Welcome! Multiple postdoctoral positions are available in the Department of Oral Biology in the College of Dentistry as noted below. Applicants should have earned a PhD, or PhD along with a DMD/DDS, MD, or DVM degree, by time of hire. To apply, please submit a cover letter, CV, and the names and contact information for three references at https://apply.interfolio.com/60653. The review of applications will begin immediately and will continue until all positions are filled. The University of Florida is an equal opportunity institution dedicated to building a broadly diverse and inclusive work environment.
Multiple postdoctoral positions are available to study gene regulation, genomics and physiology of pathogenic, commensal and/or beneficial oral streptococci. Projects include use of planktonic, biofilm, and microfluidic model systems to analyze modulation of intercellular communication systems by peptides and other small effector molecules, and by environmental inputs that include pH, carbohydrate source and oxygen. Other projects involve exploration of the genetic and genomic basis for expression by commensal oral streptococci of properties that are beneficial to their host and antagonistic to pathogenic species.
Work in the Brady Lab is directed at understanding mechanisms of membrane and cell surface biogenesis in the cariogenic pathogen Streptococcus mutans. The functional interactions and respective roles of components of the co-translational signal recognition particle (SRP) pathway and the YidC1 and YidC2 chaperone-insertases in membrane protein insertion are being evaluated with an emphasis on competence development and mutacin production. In addition, S. mutans has been found to produce functional amyloids that influence biofilm development and that can serve as targets for therapeutic anti-amyloid compounds. Study is currently directed at elucidating the structural basis and environmental control of amyloid fibrillization in in vitro and in vivo systems. Furthermore, S. mutans is capable of releasing DNA into the extracellular environment via membrane vesicles. The contribution of vesicle-released eDNA to biofilm formation and its functional interactions with bacterial cells and extracellular matrix components are under study. Post-doctoral candidates will be considered to evaluate development and stabilization of biofilm matrices related to amyloid formation and should have demonstrated expertise in the characterization of protein-protein and protein-nucleic acid interactions, in protein structure analysis, particularly by solid state NMR, and/or in electron and confocal microscopy.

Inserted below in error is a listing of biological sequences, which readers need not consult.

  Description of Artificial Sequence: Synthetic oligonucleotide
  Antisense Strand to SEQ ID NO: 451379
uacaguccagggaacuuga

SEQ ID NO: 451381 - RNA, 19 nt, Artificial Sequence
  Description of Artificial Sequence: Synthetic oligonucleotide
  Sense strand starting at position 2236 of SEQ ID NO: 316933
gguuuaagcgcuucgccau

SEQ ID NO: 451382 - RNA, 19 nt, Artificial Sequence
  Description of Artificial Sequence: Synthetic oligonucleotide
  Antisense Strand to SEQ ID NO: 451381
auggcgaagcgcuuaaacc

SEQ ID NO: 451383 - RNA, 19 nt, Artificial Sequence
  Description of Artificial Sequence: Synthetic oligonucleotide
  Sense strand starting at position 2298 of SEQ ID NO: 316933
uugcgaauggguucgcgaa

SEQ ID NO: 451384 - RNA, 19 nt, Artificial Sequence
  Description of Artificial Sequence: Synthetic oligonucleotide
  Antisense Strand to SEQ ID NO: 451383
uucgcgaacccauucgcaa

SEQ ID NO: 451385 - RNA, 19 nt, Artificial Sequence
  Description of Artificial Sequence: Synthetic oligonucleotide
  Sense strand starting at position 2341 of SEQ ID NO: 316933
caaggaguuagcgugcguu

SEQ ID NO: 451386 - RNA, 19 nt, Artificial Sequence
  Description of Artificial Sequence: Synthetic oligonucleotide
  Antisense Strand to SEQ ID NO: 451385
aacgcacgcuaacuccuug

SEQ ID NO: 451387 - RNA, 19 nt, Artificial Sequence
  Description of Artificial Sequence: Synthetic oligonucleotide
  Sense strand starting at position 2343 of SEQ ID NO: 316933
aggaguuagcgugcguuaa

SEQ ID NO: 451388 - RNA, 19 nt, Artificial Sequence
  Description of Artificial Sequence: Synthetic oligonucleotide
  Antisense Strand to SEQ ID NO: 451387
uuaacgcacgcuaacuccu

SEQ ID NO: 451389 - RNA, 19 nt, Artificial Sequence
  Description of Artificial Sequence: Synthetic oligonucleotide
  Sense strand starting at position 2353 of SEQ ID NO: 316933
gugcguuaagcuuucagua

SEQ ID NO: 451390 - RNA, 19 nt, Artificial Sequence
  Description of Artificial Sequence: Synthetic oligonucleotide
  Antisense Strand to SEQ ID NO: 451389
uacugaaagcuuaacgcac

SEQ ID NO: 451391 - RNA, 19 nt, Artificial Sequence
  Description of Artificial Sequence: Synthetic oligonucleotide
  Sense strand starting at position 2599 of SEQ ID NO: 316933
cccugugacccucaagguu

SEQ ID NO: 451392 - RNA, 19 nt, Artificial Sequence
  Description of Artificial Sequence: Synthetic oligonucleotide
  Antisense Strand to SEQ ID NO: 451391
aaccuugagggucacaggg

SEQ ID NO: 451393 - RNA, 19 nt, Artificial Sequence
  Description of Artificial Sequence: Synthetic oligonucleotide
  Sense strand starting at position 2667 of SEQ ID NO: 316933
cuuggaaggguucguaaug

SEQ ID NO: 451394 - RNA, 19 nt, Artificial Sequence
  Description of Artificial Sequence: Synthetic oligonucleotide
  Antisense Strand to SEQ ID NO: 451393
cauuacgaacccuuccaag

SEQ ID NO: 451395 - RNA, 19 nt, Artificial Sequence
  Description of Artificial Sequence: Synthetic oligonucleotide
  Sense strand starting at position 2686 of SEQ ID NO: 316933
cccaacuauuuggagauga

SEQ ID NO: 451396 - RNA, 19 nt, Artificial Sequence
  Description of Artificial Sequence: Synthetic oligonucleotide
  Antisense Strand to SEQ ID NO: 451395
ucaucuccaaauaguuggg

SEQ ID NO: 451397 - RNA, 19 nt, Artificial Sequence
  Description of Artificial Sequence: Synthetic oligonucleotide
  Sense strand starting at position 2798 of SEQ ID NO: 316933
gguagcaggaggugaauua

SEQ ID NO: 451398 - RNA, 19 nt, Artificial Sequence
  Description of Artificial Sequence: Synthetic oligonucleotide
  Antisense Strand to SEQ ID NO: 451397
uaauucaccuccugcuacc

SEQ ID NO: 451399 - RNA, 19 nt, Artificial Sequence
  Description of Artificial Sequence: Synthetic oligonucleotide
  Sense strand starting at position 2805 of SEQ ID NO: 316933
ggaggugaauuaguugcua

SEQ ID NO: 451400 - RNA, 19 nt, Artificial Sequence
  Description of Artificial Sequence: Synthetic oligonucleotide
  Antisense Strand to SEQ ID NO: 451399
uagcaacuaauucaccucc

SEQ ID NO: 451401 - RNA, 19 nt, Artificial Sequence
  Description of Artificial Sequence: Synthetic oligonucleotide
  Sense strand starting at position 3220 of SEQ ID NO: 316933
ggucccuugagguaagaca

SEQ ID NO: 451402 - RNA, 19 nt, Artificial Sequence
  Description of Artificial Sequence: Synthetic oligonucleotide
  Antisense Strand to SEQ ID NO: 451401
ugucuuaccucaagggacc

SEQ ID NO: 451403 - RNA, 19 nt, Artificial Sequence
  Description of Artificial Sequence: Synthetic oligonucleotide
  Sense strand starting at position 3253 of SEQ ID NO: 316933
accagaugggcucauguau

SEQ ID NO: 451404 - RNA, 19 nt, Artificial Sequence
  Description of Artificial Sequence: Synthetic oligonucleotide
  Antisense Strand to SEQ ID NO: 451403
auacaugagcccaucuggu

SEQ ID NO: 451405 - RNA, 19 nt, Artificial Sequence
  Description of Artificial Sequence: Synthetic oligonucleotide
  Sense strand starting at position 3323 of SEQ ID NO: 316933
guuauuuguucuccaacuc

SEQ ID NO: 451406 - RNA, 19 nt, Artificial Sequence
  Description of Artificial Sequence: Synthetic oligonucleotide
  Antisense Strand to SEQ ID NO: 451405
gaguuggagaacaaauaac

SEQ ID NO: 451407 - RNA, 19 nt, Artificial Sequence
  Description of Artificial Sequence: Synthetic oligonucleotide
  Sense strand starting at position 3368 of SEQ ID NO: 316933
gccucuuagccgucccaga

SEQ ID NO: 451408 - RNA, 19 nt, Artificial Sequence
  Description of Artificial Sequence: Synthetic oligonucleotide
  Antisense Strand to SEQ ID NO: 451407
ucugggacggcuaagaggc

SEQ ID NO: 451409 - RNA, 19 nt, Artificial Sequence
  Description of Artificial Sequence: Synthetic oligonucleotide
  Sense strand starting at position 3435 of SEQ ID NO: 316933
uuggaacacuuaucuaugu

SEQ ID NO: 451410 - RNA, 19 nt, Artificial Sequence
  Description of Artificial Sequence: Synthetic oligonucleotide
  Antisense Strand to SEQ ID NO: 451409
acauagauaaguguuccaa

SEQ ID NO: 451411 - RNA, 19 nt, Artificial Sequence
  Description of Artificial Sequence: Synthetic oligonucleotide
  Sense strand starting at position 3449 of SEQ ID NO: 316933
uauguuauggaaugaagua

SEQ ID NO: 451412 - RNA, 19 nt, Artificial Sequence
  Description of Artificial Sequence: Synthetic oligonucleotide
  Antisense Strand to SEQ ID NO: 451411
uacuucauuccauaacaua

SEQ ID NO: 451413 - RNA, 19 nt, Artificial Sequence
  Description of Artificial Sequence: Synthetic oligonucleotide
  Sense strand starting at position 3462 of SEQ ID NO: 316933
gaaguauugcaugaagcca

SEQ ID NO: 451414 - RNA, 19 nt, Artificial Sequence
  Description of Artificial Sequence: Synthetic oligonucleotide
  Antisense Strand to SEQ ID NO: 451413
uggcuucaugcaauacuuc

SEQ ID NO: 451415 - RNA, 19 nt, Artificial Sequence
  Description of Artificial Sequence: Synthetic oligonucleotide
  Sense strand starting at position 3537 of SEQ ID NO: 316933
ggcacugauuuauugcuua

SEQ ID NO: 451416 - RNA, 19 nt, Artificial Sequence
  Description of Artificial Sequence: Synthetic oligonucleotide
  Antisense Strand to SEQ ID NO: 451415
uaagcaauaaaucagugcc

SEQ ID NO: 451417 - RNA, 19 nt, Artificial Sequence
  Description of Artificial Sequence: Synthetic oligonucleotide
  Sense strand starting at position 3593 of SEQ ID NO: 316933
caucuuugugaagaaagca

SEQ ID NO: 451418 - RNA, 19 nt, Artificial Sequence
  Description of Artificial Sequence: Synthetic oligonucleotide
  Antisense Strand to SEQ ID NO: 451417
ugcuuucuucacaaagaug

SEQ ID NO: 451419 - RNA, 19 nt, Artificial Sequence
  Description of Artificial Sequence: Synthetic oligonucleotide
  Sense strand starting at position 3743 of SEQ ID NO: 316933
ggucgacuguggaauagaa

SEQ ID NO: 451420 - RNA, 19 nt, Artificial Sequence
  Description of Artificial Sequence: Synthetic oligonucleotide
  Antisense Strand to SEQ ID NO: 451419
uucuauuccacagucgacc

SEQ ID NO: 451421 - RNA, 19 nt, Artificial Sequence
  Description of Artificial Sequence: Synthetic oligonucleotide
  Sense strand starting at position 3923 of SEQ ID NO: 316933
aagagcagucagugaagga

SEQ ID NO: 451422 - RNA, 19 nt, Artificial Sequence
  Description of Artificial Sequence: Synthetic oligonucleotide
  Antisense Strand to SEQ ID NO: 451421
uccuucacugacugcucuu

The Davey lab uses a combination of genetics, bacterial physiology, and gene expression analysis (RNA-seq and qPCR) to study the interrelationship between biofilm development and the pathogenicity of the oral anaerobe, Porphyromonas gingivalis. In particular, we are focused on molecular mechanisms that control changes in expression of cell surface structures, including capsular polysaccharides, sphingolipids, and fimbriae; and the subsequent impact on the interaction of P. gingivalis with host cells. (Project numbers: 2 R01 DE019117 07; and 1 R01 DE024580 01A1)
Laboratory of Dr. Lemos and Dr. Abranches
The Lemos-Abranches lab uses genetics, biochemistry, transcriptomic and metabolomic approaches to characterize the molecular factors that mediate virulence in opportunistic Gram-positive pathogens such as Streptococcus mutans and Enterococcus faecalis. In S. mutans, a major pathogen in dental caries and a leading causative agent of infective endocarditis, our current efforts focus on the characterization of the oxidative stress regulator Spx and its role in controlling stress responses and biofilm formation. The second S. mutans project focuses on the characterization of a collagen binding protein responsible for intracellular invasion of heart and oral tissues, a trait that is linked to increased virulence and, potentially, recurrent infection and chronic inflammation. The characterization of stress responses is also the theme of our research with E. faecalis, a leading cause of hospital-acquired infections. In this project, we are investigating the interplay between the stringent response, a major bacterial stress response mechanism for adaptation to changing environments, with other prominent stress regulators and how these interactions influence the ability of E. faecalis to survive antibiotic stress and other adverse conditions.